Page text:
Miroku's shakujō



Name meaning

Pilgrim's staff

Historical information




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Miroku with his shakujō

Miroku's shakujō was a pilgrim's staff (shakujō) that Miroku often carried with him. It was a metal pole topped with a metal finial with two sections, each with three rings, (for a total of six rings), which represent the Six States of Existence—the cycle of samsara, of suffering and reincarnation. In former days the same staff became one's grave post if one died on the way. Thus the top of the staff is designed like a Buddhist grave post.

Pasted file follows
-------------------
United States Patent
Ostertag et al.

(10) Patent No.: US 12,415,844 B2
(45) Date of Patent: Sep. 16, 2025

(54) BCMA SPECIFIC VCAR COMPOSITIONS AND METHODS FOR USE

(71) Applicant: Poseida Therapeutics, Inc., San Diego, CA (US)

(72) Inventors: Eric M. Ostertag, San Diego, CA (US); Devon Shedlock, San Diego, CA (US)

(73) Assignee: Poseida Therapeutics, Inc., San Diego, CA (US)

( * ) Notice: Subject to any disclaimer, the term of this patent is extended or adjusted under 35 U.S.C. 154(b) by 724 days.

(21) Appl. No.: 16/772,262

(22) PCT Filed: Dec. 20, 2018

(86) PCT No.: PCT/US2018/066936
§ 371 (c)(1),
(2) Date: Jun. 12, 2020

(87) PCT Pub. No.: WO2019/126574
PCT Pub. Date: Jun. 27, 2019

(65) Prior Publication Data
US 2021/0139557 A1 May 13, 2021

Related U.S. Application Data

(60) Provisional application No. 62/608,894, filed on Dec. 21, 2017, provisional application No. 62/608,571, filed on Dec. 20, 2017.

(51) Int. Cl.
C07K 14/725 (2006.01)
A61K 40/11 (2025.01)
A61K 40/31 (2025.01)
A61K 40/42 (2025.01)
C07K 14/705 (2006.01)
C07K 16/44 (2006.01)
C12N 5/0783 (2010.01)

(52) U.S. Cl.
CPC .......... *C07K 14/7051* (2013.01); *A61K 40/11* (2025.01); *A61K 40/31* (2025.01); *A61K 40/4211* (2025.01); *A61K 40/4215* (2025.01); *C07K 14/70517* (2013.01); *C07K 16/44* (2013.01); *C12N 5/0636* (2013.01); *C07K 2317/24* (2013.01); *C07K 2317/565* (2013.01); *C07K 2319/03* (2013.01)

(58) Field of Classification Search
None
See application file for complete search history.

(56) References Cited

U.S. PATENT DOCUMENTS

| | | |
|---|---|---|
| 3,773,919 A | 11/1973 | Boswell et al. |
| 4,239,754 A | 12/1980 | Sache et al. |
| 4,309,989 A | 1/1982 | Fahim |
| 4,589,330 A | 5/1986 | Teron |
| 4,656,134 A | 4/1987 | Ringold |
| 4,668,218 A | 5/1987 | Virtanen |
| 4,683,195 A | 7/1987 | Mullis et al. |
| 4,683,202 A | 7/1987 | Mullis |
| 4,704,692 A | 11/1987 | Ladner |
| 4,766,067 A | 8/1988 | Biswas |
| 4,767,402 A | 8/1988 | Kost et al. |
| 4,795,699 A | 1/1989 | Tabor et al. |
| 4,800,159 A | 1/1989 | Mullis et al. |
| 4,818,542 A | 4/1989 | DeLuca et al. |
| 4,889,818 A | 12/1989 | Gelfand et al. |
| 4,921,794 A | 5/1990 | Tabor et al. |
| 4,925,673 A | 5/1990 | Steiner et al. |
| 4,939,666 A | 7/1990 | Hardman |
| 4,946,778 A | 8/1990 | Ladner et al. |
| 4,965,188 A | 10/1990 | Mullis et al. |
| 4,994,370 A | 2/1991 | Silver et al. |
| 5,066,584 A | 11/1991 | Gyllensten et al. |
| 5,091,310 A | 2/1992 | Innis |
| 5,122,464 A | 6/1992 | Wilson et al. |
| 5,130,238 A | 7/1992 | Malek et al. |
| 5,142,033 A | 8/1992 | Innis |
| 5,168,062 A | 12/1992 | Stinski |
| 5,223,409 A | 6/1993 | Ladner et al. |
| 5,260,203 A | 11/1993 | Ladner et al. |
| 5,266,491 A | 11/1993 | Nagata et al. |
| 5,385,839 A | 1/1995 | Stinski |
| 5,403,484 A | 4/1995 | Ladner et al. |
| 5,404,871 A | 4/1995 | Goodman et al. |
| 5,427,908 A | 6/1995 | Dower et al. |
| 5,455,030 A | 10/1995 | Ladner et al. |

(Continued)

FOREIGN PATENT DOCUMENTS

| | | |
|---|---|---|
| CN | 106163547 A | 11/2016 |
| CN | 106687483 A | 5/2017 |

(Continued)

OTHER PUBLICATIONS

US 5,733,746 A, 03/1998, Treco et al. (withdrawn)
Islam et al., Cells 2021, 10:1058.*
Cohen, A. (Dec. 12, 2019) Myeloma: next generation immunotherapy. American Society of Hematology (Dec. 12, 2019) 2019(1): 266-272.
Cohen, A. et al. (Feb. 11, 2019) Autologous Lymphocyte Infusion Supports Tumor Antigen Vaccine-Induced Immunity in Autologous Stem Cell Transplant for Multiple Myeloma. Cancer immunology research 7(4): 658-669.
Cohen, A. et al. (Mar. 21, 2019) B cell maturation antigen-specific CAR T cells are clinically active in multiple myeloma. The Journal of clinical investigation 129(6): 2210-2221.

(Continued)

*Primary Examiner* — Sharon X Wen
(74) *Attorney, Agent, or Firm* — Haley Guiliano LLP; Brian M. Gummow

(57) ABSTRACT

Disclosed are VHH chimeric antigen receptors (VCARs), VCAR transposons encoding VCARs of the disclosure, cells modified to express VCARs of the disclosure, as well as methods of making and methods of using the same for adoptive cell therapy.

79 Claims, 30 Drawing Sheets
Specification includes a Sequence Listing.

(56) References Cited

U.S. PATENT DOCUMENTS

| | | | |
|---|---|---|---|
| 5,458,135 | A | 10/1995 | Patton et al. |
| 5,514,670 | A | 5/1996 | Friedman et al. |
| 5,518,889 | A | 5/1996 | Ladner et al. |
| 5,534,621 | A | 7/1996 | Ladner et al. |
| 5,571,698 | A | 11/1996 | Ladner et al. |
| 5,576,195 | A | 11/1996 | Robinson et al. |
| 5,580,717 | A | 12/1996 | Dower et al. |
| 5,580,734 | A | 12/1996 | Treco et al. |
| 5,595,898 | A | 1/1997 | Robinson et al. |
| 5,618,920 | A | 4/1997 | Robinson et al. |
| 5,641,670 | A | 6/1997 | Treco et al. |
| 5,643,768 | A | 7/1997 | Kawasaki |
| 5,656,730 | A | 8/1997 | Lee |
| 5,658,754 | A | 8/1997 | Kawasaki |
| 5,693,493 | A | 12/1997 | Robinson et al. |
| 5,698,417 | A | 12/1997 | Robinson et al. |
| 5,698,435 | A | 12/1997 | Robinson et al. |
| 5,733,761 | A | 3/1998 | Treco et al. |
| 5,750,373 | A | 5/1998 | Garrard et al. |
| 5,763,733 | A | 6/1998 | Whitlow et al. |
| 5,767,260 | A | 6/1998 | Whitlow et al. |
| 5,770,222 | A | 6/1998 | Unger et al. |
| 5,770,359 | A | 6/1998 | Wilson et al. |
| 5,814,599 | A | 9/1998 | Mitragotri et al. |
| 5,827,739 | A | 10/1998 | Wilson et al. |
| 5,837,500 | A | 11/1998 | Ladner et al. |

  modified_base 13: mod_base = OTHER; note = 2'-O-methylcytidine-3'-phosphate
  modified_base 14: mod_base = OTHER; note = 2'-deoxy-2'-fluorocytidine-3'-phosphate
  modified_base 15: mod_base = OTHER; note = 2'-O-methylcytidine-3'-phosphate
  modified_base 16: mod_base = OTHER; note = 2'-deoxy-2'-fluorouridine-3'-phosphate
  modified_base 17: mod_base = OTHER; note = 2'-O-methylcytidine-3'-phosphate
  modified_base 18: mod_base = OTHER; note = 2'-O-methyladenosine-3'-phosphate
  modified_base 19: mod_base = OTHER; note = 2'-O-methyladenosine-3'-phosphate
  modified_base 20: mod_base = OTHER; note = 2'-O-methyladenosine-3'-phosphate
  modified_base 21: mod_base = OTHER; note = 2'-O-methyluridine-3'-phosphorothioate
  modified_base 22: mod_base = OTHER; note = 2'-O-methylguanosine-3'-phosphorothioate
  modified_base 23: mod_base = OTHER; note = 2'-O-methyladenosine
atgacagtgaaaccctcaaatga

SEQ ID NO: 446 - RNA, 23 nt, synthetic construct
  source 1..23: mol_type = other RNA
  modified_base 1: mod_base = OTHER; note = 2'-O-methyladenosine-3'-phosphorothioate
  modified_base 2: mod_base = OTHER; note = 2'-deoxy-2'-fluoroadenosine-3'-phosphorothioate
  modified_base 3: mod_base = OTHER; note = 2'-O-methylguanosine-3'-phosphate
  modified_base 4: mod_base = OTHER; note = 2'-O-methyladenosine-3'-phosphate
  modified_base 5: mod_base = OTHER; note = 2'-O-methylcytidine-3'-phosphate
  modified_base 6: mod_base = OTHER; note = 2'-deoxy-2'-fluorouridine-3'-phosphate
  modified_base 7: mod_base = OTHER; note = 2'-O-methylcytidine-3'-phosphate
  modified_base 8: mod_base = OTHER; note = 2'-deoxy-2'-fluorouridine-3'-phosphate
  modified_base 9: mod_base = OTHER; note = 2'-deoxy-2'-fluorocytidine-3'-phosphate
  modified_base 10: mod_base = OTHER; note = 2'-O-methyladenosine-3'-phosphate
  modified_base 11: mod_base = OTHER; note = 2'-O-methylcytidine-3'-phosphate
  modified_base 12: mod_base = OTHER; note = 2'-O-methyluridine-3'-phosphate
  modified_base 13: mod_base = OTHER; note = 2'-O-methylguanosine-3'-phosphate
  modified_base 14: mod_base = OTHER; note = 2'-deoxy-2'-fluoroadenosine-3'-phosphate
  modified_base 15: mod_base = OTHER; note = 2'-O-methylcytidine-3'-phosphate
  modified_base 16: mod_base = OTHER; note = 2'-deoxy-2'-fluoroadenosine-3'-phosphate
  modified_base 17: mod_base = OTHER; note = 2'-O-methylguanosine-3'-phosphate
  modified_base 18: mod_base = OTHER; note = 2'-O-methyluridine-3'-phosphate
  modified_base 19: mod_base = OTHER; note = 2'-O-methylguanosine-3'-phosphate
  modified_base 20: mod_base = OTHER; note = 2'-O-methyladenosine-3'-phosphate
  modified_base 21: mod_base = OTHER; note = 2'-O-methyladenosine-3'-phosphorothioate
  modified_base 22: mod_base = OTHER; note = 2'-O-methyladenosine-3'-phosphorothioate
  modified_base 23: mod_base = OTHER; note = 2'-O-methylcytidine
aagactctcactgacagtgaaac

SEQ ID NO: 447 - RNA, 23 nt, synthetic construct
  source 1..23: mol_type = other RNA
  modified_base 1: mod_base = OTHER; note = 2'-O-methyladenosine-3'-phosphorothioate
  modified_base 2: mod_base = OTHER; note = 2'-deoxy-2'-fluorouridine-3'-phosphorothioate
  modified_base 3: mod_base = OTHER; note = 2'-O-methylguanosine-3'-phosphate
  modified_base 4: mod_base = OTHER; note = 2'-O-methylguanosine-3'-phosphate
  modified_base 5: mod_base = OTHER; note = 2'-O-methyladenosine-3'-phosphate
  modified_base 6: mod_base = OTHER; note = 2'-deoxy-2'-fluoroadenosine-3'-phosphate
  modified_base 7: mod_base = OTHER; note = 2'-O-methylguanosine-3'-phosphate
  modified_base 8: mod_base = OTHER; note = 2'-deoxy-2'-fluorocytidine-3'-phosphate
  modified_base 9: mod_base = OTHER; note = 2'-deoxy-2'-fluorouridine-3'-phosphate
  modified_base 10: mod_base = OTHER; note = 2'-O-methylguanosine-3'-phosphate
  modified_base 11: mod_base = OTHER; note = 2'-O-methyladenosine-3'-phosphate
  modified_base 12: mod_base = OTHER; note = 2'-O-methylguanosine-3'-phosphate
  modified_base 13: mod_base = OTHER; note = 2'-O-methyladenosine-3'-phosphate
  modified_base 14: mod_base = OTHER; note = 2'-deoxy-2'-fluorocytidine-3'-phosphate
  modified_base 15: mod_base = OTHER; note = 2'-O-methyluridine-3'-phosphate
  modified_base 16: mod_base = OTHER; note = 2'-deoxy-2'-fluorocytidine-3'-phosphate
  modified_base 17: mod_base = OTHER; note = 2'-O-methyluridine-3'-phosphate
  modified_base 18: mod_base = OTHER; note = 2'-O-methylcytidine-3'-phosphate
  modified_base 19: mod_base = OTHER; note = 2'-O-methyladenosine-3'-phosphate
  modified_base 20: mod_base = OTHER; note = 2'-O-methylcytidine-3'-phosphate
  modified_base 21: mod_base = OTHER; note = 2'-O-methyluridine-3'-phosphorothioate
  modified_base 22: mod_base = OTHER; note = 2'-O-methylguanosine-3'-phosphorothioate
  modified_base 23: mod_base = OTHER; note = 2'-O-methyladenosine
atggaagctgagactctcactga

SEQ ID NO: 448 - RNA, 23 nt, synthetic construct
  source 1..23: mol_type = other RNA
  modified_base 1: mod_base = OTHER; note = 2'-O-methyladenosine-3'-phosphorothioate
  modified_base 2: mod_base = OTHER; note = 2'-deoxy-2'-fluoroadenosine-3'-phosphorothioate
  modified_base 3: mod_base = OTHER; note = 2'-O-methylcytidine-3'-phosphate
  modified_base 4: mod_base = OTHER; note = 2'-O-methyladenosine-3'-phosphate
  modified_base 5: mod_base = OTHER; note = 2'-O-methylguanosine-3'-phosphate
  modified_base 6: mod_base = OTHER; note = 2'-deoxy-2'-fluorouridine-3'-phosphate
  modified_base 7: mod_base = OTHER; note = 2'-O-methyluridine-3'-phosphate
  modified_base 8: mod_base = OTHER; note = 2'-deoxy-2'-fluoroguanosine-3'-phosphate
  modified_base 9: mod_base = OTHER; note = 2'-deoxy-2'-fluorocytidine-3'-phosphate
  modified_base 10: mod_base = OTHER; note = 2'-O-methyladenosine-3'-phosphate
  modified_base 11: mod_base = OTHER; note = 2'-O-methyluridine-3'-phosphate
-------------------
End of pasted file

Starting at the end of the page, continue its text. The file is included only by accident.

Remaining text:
In Japan the shakujō is still used by monks, pilgrims, and practitioners of Shugendou (a school of Buddhism teaching spiritual practices in the mountains). A yamabushi or mountain priest may use it for magic or exorcism, as does Miroku. In the Shingon and Tendai sects, the shakujō is used as a ritual object in special ceremonies, much like the Tibetan Dorje (Lightning Bolt or Thunderbolt).

The shakujō's metal rings were originally used by traveling priests to alert small creatures to keep them from accidentally being harmed by a priest when walking in the woods (this is consistent with the Buddhist teachings to kill no living creature). It was also used to frighten away dangerous snakes or beasts that the priest might have encountered. When begging, a Monk rattled this staff to announce his arrival at the door or gate of a household without breaking his vow of silence.

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